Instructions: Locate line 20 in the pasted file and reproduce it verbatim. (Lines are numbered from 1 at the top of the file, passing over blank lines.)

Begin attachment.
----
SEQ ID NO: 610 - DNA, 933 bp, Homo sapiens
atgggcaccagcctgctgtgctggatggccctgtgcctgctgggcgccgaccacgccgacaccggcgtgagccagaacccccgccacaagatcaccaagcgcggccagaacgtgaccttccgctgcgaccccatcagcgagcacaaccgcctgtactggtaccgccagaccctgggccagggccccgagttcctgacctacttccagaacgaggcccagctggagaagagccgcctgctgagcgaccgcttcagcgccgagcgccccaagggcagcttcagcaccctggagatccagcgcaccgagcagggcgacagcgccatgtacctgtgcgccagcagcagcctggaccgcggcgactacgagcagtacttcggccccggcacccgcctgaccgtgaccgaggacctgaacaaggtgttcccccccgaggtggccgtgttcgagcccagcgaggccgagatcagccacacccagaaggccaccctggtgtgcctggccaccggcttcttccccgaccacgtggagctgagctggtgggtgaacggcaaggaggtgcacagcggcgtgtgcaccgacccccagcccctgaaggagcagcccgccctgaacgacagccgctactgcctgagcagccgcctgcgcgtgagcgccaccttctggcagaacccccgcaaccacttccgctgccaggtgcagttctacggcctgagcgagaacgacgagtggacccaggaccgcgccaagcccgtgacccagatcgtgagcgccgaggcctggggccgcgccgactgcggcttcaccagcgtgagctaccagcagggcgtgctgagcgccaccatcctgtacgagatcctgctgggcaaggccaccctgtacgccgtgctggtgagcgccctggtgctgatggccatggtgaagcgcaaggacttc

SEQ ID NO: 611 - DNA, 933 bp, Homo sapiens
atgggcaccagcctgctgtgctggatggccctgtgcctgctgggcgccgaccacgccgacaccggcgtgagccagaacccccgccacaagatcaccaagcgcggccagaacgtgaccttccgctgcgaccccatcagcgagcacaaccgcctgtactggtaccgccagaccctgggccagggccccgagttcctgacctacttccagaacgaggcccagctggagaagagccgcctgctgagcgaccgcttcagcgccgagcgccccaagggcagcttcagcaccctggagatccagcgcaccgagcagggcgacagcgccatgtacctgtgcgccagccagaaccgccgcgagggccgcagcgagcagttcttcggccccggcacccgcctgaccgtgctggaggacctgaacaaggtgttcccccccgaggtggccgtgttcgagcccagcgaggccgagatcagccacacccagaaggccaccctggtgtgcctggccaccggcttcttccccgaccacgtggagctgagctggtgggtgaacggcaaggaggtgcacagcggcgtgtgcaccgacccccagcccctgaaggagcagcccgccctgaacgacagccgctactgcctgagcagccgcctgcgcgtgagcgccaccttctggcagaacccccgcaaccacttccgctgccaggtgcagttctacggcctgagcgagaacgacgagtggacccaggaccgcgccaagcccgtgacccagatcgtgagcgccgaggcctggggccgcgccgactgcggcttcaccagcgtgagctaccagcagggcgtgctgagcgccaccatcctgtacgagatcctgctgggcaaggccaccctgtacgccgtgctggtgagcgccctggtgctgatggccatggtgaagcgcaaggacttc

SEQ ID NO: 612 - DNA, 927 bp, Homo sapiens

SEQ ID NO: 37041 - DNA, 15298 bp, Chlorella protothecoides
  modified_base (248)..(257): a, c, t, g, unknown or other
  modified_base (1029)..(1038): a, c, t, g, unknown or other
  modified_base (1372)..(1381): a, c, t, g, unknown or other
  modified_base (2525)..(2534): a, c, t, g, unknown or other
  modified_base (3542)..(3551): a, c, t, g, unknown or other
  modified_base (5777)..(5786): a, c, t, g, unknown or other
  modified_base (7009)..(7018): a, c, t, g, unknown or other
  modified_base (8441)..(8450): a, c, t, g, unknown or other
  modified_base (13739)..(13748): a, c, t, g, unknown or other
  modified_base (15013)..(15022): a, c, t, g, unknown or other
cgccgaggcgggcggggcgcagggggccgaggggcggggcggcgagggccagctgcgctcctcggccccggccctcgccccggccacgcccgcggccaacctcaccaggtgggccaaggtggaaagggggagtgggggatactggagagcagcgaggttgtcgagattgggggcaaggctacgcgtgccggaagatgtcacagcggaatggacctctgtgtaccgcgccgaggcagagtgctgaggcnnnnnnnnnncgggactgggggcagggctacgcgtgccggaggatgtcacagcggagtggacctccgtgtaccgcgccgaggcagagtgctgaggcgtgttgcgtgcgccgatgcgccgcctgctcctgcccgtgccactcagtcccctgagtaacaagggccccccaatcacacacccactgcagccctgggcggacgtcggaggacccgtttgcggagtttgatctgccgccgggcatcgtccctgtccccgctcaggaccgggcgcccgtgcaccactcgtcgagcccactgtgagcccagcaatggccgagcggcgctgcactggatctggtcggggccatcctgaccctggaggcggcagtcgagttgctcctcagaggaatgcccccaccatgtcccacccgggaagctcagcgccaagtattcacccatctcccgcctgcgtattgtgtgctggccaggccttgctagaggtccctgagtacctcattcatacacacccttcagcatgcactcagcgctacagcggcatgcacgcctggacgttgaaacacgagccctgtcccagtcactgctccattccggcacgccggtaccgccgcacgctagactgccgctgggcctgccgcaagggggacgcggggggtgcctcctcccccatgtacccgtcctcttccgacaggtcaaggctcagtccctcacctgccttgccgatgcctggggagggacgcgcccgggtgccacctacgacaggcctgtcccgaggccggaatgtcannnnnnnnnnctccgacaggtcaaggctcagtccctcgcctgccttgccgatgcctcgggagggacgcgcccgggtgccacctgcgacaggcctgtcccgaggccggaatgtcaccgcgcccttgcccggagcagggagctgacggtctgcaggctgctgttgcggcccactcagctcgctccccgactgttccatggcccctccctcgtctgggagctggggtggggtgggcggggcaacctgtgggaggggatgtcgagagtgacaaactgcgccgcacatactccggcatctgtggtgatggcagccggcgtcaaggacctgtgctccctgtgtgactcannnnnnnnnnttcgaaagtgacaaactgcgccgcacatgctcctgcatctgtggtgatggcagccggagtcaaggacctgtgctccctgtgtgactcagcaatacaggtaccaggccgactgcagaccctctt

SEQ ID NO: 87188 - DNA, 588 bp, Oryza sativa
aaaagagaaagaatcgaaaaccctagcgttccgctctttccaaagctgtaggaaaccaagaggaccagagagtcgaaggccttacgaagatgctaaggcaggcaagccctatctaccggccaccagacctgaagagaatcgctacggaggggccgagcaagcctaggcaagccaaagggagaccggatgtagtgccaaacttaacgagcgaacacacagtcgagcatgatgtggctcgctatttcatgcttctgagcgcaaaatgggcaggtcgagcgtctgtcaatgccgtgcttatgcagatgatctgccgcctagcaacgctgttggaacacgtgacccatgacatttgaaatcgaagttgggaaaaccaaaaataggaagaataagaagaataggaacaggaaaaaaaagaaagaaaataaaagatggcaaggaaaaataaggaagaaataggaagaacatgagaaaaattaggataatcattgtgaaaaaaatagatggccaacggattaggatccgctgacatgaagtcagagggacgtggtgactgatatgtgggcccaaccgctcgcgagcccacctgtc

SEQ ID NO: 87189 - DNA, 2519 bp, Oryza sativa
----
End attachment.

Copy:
SEQ ID NO: 87189 - DNA, 2519 bp, Oryza sativa